Bahrain has a relatively large number of decrees, ordinances and regulations that have been enacted to regulate and control water use in the various consuming sectors as well as to conserve the groundwater resource from salinization and depletion. However, these laws are not consolidated under a comprehensive water law. Table 1 displays the most important of this legislation.
Table 1: Water legislation in Bahrain.
|Proclamation No. 48/1351H/1933||Consisted of the general principles for permits for water use in the agricultural sector, and the need for a license to drill wells with the general specifications for the drilling of artesian wells. Considered the first water law in Bahrain|
|Amiri Decree No. 2/1971 Concerning Water Monitoring and Control Regulations||Gave the water council full administrative, legislative and executive authority for all water-related matters, including well drilling licensing and specifications|
|Amiri Decree No. 12/1980 Concerning the Use of Groundwater (modified in 1997, 1999)||Aimed to regulate the use of groundwater to help in its conservation; it included well drilling, the imposition of tariffs on the consumption of groundwater and wastewater treatment, and it required the installation of water metres on groundwater wells|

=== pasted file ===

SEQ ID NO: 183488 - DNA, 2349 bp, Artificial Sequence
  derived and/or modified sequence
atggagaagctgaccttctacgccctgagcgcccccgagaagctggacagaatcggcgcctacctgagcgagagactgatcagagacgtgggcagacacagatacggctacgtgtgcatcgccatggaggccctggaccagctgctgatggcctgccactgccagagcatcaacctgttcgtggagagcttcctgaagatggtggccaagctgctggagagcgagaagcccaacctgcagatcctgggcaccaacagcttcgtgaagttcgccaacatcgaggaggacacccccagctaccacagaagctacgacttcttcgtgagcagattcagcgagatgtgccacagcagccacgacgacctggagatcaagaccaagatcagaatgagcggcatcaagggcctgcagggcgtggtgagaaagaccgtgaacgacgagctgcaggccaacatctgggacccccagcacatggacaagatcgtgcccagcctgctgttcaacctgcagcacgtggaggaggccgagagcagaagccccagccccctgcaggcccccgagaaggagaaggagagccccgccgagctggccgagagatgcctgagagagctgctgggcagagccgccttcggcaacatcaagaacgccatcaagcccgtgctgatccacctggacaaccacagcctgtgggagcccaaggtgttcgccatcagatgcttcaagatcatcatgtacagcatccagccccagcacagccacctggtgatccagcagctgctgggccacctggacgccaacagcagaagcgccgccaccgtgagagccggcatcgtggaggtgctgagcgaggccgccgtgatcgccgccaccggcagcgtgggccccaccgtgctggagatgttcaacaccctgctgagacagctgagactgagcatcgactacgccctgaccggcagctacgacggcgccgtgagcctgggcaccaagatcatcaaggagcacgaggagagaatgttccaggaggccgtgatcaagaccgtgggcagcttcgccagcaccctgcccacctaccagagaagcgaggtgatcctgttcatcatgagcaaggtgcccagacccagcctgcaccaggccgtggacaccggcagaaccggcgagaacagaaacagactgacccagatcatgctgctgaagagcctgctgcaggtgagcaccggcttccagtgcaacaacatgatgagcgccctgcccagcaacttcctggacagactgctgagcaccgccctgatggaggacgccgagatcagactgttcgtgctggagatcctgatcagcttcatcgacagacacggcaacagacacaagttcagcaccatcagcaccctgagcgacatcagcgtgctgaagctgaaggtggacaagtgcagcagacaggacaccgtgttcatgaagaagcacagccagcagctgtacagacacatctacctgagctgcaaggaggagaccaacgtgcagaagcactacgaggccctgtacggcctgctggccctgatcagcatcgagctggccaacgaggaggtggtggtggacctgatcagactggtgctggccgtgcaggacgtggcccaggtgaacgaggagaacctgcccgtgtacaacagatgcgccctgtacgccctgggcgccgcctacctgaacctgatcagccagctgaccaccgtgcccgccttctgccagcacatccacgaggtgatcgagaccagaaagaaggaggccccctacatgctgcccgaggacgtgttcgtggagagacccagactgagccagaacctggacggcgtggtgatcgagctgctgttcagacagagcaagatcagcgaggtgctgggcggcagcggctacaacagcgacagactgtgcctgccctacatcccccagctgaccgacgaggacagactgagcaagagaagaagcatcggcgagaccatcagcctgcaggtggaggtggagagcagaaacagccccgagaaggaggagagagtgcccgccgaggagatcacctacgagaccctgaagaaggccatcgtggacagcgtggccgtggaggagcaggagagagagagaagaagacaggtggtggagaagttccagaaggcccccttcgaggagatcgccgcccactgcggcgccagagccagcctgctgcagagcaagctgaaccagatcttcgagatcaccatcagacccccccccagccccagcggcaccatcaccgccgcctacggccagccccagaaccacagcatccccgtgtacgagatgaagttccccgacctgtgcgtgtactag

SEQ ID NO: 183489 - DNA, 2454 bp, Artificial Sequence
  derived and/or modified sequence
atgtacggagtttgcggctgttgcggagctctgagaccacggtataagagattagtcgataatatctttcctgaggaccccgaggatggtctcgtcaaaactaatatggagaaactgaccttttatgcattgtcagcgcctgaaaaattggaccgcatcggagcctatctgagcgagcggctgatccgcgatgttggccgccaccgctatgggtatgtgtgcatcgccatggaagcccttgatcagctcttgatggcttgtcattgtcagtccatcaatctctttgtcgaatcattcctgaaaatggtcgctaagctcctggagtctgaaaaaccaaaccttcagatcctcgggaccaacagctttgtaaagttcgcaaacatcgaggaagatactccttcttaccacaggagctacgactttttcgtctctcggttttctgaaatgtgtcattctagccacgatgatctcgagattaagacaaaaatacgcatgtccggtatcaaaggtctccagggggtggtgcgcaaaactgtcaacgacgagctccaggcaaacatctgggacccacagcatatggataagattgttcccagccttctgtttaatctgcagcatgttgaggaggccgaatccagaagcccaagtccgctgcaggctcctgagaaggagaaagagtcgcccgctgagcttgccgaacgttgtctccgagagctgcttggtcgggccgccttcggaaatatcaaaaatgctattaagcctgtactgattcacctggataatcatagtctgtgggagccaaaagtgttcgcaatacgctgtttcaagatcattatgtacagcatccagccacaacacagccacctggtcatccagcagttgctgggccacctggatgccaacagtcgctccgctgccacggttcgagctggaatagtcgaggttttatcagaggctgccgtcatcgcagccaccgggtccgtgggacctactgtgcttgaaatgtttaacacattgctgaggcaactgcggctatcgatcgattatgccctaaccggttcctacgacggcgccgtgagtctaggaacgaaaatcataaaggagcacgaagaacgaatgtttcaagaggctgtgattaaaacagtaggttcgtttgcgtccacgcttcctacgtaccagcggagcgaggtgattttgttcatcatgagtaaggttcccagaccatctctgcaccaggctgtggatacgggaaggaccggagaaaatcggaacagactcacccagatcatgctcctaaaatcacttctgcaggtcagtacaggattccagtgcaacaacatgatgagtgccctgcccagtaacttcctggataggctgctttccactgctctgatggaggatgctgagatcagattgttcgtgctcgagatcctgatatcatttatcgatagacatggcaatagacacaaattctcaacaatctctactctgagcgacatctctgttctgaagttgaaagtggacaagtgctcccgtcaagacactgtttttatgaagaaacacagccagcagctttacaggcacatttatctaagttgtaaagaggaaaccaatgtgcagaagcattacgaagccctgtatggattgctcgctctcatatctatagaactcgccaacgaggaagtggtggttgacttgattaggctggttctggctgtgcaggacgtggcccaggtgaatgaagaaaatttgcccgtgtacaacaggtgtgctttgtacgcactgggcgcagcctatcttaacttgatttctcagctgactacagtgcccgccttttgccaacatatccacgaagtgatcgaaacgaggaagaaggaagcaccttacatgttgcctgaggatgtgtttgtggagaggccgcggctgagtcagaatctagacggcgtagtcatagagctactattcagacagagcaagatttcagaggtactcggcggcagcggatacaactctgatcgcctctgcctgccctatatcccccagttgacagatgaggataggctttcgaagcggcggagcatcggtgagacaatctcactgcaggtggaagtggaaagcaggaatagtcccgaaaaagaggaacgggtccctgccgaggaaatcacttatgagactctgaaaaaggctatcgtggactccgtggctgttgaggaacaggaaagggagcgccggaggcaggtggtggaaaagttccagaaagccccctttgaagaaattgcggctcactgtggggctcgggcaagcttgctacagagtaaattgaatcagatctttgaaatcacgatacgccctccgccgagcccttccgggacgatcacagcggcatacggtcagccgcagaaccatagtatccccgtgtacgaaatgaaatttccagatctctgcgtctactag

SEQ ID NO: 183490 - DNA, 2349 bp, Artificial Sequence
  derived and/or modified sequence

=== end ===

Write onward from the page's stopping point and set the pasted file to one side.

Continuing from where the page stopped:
|Ministerial Order No. 23/1980 Concerning the Prohibition of Water Abstraction from the Dammam Aquifer||The order was issued to reduce groundwater abstraction from the Dammam aquifer (Khobar and Alat zones) and allow their recovery|
|Legislative Decree No. 7/1982 Concerning the Formation of the High Council of Water Resources (modified in 2007)||The primary duties of the council were stated as: to draw up the country’s water policies in view of the results of water resources studies and surveys; to protect and develop the water resources so as to ensure their prolonged availability and efficiency; and to take necessary measures to solve any problems that might arise during the implementation of the water policies|
|Ministerial Order No. 10/1982||Obliged well owners to install water metres on their wells as a first step for the study of groundwater consumption in different sectors|
|Ministerial Order No. 4/1983 Concerning the Extension of Ministerial Order No. 23/1980 Concerning the Prohibition of Water Abstraction from the Dammam Aquifer||Extended the prohibition of water abstraction from the Dammam aquifer for another two years|
|Ministerial Order No. 3/1985 Concerning the Establishment of Municipal Desalinated Water||Established a municipal water tariff|
|Amiri Decree No. 11/1991 (modified by Law No. 33/2006)||This law is related to sanitation and drainage. It prohibits the dumping of waste and pollutants in the wastewater networks and the surface runoff networks. Law 33/2006 regulates sanitation services, wastewater treatment and reuse of treated wastewater and sludge|
|Royal Decree No. 36/2009 Concerning the Amendments of Some Items of Decree No. 7/1982 on the Establishment of the Water Resources Council||Aimed to reactivate the High Council of Water Resources formed in 1982, which was seen as the most suitable organizational framework to ensure efficient levels of water resources management. The council’s stated responsibilities are: to formulate the overall water resources policies and strategies for the country, including setting up appropriate institutional and legislative frameworks; coordinate government water policies and ensure integration of these policies; and follow up the implementation of water policies and plans and set priorities for the implementation of the developed strategies and programmes|